Dataset S1-S2. list the up- and down-regulated genes detected in the comparison Ti vs Tni. Dataset S3-S4. list the up- and down-regulated genes detected in the comparison Si vs Sni.
Rights and permissions
Open Access This article is licensed under a Creative Commons Attribution 4.0 International License, which permits use, sharing, adaptation, distribution and reproduction in any medium or format, as long as you give appropriate credit to the original author(s) and the source, provide a link to the Creative Commons licence, and indicate if changes were made. The images or other third party material in this article are included in the article's Creative Commons licence, unless indicated otherwise in a credit line to the material. If material is not included in the article's Creative Commons licence and your intended use is not permitted by statutory regulation or exceeds the permitted use, you will need to obtain permission directly from the copyright holder. To view a copy of this licence, visit http://creativecommons.org/licenses/by/4.0/. The Creative Commons Public Domain Dedication waiver (http://creativecommons.org/publicdomain/zero/1.0/) applies to the data made available in this article, unless otherwise stated in a credit line to the data.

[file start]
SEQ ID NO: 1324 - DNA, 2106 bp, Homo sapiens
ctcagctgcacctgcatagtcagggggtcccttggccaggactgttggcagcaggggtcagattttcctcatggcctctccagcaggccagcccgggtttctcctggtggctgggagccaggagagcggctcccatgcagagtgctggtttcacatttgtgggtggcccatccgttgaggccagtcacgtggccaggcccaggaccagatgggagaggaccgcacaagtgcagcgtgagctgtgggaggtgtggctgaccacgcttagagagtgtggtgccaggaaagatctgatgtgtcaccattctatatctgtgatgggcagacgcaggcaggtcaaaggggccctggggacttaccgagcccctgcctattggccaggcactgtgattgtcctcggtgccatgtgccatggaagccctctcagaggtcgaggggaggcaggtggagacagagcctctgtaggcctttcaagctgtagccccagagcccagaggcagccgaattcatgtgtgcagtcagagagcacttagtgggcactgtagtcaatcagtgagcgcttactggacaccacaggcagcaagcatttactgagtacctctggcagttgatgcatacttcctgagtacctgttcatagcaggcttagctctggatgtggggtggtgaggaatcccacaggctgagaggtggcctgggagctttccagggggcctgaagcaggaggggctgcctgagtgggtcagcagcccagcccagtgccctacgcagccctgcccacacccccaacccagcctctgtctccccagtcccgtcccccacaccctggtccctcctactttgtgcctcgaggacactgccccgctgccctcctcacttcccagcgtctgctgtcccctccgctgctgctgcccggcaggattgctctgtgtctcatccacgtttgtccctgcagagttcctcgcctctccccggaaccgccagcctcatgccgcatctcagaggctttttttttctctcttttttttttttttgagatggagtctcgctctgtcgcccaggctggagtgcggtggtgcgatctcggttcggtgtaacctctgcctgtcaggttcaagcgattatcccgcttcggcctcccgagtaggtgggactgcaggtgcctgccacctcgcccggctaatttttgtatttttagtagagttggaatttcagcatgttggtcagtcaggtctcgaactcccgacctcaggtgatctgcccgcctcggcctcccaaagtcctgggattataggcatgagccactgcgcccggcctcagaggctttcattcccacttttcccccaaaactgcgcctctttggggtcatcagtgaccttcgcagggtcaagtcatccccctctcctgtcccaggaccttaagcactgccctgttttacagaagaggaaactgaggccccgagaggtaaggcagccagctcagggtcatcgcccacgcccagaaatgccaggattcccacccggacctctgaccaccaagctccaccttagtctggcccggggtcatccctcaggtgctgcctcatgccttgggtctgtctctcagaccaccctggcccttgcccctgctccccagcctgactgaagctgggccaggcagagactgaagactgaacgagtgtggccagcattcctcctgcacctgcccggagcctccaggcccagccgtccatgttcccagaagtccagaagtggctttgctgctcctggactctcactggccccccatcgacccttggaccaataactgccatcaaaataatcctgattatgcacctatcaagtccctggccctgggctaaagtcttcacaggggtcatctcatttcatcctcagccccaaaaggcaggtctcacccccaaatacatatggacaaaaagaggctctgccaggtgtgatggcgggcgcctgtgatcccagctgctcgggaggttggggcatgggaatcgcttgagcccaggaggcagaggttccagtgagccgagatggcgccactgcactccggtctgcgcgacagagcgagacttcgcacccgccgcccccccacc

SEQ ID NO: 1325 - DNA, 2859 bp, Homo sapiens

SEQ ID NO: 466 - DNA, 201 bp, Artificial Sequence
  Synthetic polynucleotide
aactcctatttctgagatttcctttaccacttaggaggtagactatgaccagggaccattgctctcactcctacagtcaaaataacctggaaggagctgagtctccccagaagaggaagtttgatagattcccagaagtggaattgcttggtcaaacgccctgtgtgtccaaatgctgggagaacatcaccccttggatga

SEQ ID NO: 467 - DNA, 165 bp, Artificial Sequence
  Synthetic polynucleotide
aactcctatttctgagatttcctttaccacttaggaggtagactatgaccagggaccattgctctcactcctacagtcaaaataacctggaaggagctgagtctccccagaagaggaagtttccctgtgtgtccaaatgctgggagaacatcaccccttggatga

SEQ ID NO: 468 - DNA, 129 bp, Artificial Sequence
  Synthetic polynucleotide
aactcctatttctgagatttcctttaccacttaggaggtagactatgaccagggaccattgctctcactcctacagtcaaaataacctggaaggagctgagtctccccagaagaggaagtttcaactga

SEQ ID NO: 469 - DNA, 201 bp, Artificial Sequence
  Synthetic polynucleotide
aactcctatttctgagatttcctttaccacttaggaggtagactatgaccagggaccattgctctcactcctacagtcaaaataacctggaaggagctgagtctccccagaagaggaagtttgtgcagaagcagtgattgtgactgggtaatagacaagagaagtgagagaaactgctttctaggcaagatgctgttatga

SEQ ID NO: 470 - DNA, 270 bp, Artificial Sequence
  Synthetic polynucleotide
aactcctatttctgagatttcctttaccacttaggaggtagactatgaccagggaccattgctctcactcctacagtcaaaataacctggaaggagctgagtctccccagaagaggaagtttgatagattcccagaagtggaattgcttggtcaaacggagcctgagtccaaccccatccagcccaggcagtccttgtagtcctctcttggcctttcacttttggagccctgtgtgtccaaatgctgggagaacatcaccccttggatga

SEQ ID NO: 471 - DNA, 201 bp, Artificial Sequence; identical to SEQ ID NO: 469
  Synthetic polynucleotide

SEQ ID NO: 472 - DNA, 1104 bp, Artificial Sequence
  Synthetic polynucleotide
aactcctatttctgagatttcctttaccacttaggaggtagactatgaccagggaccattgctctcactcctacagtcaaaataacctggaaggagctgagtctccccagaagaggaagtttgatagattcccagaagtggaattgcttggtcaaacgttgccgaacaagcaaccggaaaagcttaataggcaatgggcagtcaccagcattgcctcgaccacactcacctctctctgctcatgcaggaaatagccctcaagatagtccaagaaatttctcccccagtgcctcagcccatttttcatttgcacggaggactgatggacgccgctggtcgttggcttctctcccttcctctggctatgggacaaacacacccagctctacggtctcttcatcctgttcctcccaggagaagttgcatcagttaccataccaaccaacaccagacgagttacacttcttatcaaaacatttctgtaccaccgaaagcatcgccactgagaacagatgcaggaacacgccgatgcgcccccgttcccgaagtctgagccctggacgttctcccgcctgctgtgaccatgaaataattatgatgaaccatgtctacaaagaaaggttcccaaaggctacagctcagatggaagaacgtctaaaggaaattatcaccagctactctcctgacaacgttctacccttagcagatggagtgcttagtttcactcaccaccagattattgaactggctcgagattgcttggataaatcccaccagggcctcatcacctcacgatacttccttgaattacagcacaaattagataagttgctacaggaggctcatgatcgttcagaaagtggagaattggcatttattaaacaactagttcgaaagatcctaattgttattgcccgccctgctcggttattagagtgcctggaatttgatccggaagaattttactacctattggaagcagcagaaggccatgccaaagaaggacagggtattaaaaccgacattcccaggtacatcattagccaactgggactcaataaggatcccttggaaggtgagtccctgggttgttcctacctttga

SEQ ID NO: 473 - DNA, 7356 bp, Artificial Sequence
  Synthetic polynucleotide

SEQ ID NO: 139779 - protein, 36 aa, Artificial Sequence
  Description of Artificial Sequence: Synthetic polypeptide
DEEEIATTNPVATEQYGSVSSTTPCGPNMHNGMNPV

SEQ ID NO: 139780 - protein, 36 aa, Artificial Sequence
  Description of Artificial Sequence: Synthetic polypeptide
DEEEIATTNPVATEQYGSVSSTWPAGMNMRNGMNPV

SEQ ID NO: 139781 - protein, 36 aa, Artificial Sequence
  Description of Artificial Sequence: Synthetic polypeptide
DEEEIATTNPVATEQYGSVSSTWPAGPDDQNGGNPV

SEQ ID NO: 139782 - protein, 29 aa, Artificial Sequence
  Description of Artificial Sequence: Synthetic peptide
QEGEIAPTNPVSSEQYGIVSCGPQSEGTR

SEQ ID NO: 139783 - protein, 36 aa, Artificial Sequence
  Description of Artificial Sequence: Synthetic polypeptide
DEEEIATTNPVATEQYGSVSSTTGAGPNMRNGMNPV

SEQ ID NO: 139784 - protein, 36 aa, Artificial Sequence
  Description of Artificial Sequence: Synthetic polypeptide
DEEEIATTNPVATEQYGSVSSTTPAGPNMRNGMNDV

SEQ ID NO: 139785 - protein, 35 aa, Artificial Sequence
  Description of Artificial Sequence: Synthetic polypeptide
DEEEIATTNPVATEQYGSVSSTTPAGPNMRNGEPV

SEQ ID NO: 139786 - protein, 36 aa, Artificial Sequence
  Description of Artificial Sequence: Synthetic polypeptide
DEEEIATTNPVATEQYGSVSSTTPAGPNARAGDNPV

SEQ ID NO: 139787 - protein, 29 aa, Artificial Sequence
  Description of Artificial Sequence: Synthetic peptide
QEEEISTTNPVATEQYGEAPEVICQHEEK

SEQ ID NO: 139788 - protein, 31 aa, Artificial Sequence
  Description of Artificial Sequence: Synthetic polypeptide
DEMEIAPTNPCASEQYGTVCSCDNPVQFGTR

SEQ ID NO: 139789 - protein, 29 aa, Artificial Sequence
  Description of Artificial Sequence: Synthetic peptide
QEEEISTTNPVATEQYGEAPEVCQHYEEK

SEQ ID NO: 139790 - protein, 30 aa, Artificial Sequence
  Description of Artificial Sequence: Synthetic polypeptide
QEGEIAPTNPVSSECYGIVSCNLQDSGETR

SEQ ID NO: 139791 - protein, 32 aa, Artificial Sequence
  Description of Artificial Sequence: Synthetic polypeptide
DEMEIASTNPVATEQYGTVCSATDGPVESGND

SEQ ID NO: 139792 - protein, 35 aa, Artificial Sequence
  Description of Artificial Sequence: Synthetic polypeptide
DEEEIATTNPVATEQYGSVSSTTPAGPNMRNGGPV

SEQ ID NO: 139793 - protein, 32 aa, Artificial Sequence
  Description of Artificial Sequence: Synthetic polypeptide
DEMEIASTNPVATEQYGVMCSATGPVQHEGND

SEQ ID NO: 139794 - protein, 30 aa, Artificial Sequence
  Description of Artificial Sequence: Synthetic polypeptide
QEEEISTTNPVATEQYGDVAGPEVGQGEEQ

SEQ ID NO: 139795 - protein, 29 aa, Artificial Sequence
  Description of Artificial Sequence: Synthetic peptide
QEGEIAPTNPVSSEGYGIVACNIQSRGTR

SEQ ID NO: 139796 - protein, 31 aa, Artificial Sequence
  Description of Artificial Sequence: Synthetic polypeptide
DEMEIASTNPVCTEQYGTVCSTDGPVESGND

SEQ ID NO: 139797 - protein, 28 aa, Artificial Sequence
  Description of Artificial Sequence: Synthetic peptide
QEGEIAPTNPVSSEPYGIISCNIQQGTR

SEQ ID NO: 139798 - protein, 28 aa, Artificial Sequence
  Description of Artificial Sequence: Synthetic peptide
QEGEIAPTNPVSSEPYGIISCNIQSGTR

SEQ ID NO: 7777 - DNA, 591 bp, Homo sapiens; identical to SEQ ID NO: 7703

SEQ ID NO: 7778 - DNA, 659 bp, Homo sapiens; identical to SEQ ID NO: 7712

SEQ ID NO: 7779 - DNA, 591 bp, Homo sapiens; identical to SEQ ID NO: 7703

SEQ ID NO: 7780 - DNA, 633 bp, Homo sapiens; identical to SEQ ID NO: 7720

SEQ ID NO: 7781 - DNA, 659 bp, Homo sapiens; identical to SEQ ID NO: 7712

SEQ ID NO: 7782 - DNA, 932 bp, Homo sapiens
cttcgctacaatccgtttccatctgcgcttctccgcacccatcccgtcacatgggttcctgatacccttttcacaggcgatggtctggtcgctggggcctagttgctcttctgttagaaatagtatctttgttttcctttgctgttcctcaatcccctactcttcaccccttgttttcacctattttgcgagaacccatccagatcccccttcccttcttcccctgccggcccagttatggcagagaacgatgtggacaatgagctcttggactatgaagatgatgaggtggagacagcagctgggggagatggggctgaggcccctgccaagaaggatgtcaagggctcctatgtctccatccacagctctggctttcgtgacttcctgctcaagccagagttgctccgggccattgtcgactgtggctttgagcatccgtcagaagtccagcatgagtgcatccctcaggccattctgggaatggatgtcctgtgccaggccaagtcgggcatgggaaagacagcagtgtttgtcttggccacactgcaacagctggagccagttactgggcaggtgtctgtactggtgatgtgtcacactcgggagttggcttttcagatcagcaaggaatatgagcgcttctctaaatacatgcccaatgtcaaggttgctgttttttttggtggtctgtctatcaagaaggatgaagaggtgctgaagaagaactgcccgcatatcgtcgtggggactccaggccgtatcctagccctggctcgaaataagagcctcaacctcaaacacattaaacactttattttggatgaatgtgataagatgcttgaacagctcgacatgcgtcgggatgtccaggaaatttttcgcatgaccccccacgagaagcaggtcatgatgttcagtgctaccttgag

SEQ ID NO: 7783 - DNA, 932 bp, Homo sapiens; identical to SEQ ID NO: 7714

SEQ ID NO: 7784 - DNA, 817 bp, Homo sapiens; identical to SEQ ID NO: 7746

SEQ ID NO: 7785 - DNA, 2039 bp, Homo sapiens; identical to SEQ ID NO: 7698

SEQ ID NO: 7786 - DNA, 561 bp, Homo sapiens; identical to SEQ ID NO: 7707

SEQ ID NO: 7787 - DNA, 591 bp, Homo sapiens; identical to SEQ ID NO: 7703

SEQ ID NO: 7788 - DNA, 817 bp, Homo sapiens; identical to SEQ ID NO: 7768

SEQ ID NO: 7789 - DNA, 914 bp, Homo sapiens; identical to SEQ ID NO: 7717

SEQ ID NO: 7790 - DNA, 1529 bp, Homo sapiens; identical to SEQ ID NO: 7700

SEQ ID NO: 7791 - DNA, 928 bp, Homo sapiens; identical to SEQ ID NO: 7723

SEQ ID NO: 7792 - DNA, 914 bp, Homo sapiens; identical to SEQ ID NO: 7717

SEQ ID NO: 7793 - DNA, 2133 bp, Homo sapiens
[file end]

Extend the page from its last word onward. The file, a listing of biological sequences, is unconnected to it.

About this article
Cite this article
D’Esposito, D., Manzo, D., Ricciardi, A. et al. Tomato transcriptomic response to Tuta absoluta infestation. BMC Plant Biol 21, 358 (2021). https://doi.org/10.1186/s12870-021-03129-9
- Comparative transcriptomics
- Plant defense
- S. lycopersicum
- South America pinworm (Tuta absoluta)